2. Kato GJ, McGowan V, Machado RF, et al. Lactate dehydrogenase as a biomarker of hemolysis-associated nitric oxide resistance, priapism, leg ulceration, pulmonary hypertension, and death in patients with sickle cell disease. Blood. 2006;107(6):2279-2285. doi:10.1182/blood-2005-06-2373.

When you start a patient on Warfarin (i.e after a PE); there will be an overlap of administration of Warfarin and LMWH/ UFH for typically 5 days with a goal INR of 2-3. This is referred to as “Bridging“.

WHY? Warfarin introduces a temporary hypercoagulable stage during the first 36 hours. Protein C and Protein S (anti-coagulation factors) are vitamin K-dependent plasma proteins. Levels of these anti-coagulation factors drop faster than the pro-coagulation factors (10,9,7,2) we attempt to block with Warfarin. Therefore, bridging is used to counteract this transient pro-clotting state.


  1. Esmon CT, Vigano-D’Angelo S, D’Angelo A, Comp PC. Anticoagulation proteins C and S. Adv Exp Med Biol. 1987;214:47-54.
  2. Protein C / Protein S anticoagulant pathway. Anticoagulant pathway. Jeremy Parsons, M.D. (c) 2002-2016, PathologyOutlines.com, Inc.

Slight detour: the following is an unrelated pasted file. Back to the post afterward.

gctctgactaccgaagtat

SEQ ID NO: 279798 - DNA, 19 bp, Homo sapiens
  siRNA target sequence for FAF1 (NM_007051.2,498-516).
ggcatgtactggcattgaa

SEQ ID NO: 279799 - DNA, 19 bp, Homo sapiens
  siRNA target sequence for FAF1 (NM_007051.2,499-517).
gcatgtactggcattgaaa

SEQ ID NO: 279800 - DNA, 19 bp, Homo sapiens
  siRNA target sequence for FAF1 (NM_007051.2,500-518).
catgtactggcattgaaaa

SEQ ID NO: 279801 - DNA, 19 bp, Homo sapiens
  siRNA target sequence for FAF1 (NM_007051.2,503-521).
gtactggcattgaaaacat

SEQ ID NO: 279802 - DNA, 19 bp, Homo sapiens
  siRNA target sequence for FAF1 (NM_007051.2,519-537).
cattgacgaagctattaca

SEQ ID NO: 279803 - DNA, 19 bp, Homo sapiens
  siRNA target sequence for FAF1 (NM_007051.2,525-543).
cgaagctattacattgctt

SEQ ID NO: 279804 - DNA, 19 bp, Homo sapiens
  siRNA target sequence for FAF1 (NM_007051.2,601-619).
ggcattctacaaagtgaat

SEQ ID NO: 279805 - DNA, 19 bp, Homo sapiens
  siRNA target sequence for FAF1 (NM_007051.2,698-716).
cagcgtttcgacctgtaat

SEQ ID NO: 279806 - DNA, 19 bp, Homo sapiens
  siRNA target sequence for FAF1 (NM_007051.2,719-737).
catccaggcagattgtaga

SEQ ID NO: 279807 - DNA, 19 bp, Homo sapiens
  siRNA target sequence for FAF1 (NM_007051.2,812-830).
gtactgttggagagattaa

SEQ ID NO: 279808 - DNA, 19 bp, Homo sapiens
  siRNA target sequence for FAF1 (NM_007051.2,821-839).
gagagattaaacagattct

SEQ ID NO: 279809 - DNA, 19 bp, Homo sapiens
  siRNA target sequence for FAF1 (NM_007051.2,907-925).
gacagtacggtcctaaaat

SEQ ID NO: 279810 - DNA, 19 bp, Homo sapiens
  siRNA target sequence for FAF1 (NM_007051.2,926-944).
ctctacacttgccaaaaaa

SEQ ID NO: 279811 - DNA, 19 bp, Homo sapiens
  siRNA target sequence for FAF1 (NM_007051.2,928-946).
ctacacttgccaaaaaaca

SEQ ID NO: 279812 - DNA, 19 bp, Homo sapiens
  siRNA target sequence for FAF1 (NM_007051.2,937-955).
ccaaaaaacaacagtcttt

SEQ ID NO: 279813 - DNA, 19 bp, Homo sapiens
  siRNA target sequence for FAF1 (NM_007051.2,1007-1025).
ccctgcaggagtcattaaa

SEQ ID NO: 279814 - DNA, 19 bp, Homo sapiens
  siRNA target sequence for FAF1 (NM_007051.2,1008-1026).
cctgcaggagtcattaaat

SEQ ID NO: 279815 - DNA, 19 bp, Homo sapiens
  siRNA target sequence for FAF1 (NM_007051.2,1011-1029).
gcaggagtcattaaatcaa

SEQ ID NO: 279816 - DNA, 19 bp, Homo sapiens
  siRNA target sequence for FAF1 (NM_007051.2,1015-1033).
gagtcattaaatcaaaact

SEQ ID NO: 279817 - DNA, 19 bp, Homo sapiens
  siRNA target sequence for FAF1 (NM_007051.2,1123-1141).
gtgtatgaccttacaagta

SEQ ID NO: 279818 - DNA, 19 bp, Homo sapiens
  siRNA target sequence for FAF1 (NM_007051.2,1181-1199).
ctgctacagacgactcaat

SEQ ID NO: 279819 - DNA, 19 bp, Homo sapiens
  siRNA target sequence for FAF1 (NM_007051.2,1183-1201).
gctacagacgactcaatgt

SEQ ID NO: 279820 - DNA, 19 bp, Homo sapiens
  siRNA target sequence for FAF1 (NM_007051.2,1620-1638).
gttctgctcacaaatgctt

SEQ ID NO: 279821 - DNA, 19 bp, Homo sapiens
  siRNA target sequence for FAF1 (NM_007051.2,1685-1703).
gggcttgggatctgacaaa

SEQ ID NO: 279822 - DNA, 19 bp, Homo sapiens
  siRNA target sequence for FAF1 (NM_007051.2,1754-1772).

Hypercalcemia affects up to a third of cancer patients and malignant hypercalcemia is the most common oncological emergency leading to hospitalization.

Most likely to occur in: breast cancer, multiple myeloma and lung cancer. However, it can also be found in other malignancies, including: gynecologic, renal and head & neck cancers

CAUSE: Increased osteoclastic bone resorption.

  • Solid tumours can produce parathyroid hormone–related protein (PTHrP), increasing calcium levels in the blood by activating parathyroid hormone receptors in tissue, which results in osteoclastic bone resorption; it also increases renal tubular resorption of calcium.
Source: Journal of the American Society of Nephrology


  1. Bower M, Cox S. Endocrine and metabolic complications of advanced cancer. In: Doyle D, Hanks G, Cherny NI, Calman K, editors. Oxford textbook of palliative medicine. 3rd ed. New York, NY: Oxford University Press; 2004. pp. 688–90.
  2. Lumachi F, Brunello A, Roma A, Basso U. Cancer-induced hypercalcemia. Anticancer Res. 2009;29(5):1551–5.